Frank Langrish, a sheep farmer based in East Sussex and spokesman for the NFU, predicted that if lambs could be exported economically there would be demand for around half a million store lambs between July and Christmas. If they were being sold for £60 in the UK, they would sell for at least £90 abroad.
“If live exports for consumption were to resume on regular P&O ferries we would benefit from the supply to Western Europe rather than those currently supplying them from the former Eastern Bloc countries,” Mr Langrish said. “The live export market and the dead meat market are entirely different markets and therefore an expansion of live exports would not impact on the UK market.”
However, Compassion in World Farming (CIWF) argues that slaughtering animals in the UK for domestic consumption or meat exports would give additional jobs and profits to UK abattoirs and the UK economy would benefit from the added value derived from processing animals at home rather than abroad.
CIWF and the RSPCA are calling for tighter inspections after they tracked a livestock transporter for 23 hours to Germany and the driver did not inspect the animals once. They are also calling for more thorough inspections by DEFRA’s Animal Health and Veterinary Laboratories Agency before animals embark on their journey and for journey times to be reduced to less than eight hours.
Both KAALE and the RSPCA seemed unaware that animals exported for breeding are being transported in the same conditions as those for consumption. But both say they are less concerned about export for breeding.
KAALE claimed: “Our animals are the best so exporting breeding animals to improve bloodlines is an excellent idea.” The RSCPA said a more viable alternative to long journeys for livestock would be the export of semen or ova.
There is an alternative argument that too much emphasis has been placed on journey times and that greater focus should be placed on the quality of the journey. Studies have shown that journey length is not necessarily a contributing factor for animals during transportation. High stocking density in lorries was seen to have a substantial effect on welfare, causing a high number of injuries, aggressive and sexual behaviour and a general increase in stress levels.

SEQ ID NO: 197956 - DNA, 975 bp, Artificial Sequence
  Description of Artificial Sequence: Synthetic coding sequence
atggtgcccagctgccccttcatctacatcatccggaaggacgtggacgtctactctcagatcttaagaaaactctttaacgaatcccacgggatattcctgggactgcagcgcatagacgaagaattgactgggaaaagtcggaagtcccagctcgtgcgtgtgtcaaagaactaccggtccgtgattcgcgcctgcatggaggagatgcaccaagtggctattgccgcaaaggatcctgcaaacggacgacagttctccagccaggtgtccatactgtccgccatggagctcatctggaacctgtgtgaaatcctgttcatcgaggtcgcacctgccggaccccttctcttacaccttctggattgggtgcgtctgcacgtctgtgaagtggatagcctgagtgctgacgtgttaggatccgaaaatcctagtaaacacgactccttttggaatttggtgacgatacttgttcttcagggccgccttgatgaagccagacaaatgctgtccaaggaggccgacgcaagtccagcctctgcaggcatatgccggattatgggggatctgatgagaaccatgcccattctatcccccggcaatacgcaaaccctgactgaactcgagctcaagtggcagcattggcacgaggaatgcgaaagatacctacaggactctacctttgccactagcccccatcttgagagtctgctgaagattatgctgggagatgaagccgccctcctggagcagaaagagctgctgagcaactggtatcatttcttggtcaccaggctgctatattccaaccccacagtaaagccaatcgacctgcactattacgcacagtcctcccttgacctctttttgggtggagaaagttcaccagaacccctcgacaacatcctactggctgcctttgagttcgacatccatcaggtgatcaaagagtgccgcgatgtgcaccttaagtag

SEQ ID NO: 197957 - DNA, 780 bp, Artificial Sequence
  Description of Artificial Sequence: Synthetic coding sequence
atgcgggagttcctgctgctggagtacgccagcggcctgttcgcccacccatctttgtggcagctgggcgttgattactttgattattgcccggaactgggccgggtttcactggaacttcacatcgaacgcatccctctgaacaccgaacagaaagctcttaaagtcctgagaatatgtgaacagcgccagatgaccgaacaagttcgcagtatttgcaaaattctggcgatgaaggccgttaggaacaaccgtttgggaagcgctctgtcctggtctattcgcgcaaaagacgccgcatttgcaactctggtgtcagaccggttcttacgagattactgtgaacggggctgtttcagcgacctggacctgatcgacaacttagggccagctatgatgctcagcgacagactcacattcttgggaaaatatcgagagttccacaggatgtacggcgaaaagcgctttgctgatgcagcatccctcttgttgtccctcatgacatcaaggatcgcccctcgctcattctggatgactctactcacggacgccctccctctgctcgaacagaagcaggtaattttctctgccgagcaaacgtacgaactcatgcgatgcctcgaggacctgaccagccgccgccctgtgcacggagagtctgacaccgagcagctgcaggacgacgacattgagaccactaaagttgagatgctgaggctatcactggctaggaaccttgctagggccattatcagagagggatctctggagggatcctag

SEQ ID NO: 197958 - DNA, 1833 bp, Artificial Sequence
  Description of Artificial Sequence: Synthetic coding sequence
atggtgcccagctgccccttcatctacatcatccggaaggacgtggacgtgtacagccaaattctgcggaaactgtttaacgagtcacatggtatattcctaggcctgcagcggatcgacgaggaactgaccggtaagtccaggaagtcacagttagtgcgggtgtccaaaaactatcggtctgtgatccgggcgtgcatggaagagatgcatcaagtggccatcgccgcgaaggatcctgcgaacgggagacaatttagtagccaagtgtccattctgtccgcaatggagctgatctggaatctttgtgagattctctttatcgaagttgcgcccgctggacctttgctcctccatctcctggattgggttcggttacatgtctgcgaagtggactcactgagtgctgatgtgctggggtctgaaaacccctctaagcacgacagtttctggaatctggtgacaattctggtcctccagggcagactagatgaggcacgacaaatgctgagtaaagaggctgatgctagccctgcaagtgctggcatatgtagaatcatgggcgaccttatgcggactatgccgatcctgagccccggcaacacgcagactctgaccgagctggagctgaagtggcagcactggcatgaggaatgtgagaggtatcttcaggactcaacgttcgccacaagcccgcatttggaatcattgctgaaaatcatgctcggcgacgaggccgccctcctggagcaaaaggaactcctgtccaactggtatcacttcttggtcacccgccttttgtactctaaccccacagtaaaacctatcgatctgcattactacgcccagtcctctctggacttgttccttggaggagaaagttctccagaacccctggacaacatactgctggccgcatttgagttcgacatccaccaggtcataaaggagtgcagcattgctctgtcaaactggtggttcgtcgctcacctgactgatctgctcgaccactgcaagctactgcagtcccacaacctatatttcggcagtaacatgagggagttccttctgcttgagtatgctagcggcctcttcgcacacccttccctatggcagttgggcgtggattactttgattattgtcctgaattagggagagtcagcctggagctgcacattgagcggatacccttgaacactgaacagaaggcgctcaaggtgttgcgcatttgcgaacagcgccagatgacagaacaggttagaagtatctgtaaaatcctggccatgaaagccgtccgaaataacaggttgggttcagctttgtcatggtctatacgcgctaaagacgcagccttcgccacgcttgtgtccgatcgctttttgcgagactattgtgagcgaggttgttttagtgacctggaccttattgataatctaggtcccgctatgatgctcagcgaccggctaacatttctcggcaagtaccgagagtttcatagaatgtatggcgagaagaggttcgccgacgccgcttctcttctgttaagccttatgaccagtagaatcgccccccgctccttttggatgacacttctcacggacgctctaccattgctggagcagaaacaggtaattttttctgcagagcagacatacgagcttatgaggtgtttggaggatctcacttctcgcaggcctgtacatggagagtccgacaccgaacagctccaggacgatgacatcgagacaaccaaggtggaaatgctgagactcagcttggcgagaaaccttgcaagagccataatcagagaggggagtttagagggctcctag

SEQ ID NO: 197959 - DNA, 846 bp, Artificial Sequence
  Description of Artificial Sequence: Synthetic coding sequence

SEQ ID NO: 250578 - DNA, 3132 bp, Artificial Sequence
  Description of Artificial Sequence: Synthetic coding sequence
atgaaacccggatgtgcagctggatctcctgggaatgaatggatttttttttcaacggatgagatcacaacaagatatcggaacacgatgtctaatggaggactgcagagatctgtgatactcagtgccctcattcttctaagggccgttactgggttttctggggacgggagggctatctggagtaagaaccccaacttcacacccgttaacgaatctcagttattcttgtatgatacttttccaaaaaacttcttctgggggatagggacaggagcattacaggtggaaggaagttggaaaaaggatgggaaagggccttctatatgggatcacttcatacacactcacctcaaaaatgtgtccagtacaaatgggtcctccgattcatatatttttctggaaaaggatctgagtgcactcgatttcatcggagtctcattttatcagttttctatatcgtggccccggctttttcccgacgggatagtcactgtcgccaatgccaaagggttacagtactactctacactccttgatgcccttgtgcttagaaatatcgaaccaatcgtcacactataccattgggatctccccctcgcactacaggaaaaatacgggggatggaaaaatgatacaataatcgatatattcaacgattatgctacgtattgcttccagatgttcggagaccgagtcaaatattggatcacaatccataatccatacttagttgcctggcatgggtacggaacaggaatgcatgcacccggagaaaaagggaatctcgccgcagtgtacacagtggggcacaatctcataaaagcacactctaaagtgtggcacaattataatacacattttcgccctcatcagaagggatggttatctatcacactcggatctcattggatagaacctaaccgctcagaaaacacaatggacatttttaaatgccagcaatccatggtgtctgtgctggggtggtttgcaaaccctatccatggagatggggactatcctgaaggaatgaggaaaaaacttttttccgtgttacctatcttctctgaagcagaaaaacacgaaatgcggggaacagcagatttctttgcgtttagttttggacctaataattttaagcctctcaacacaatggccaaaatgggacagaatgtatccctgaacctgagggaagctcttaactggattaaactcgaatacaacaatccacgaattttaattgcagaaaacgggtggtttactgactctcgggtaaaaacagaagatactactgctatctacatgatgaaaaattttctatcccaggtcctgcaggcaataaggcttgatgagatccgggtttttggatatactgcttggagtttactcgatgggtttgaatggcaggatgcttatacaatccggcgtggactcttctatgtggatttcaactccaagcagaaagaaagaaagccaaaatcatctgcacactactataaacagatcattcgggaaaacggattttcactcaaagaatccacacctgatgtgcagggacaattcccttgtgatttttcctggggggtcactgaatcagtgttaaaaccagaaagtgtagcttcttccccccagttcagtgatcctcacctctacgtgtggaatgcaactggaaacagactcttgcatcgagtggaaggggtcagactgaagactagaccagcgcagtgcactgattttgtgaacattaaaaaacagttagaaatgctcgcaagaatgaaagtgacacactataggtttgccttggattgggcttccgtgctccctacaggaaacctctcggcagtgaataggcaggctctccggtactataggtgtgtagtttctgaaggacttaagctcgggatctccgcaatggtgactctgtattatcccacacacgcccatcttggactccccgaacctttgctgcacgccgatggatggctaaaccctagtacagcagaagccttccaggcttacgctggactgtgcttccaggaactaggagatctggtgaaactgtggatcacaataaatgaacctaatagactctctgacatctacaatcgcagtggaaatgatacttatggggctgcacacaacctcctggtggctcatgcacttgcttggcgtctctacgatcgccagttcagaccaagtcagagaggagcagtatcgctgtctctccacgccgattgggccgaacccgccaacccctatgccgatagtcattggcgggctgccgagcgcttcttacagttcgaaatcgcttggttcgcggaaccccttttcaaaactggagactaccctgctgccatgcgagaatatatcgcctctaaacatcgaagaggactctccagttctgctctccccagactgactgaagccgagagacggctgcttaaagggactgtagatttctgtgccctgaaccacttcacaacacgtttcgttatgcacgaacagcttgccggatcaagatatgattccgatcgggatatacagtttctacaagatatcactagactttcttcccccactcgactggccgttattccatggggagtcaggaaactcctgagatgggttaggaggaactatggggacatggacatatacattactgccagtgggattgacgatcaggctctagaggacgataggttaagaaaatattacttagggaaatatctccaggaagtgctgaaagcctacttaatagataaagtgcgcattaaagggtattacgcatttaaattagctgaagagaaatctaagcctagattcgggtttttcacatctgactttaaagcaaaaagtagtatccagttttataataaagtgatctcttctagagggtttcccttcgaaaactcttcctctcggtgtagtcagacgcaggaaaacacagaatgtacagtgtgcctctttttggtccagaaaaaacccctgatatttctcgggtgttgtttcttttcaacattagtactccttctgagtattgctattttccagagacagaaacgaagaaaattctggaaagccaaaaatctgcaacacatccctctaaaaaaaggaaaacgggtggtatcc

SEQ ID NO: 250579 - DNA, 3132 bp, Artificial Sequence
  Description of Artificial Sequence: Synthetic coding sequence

High and very low stocking density on vehicles saw increasing welfare issues and a reduced carcass quality compared to those with medium stocking density.
High financial loss is seen from livestock bruising with a number of studies showing the skill of the driver, gentleness of handling and quality of the road were the main contributing factors to a compromise in animal welfare.
A further study in pigs showed that those travelling for longer periods of time exhibited reduced stress levels due to adaption to the environment and were therefore less susceptible to muscle damage.
While the RSPCA would like to see a full ban of live animal exports, in the meantime they are calling on every lorry to be checked at the port and the full costs of all inspections and facilities to be borne by the hauliers and shipping industry.
If livestock exports for breeding purposes were also banned, these animals would simply stay within the domestic supply chain and would not benefit the rest of the world to the same extent with their genetics.
The fact remains that if live exports from the UK to other European Union member states were stopped, the practice will continue in the rest of the EU where welfare conditions are more likely to be compromised.
Currently there are strict rules in place relating to transport times, rest periods, vehicle standards and animal haulier training. DEFRA has increased inspection rates to 100% for animals and vehicles loading at Ramsgate. This includes a checklist of 33 questions on the suitability of the vehicle – some of the most sophisticated in the world – and the welfare of the animals being transported.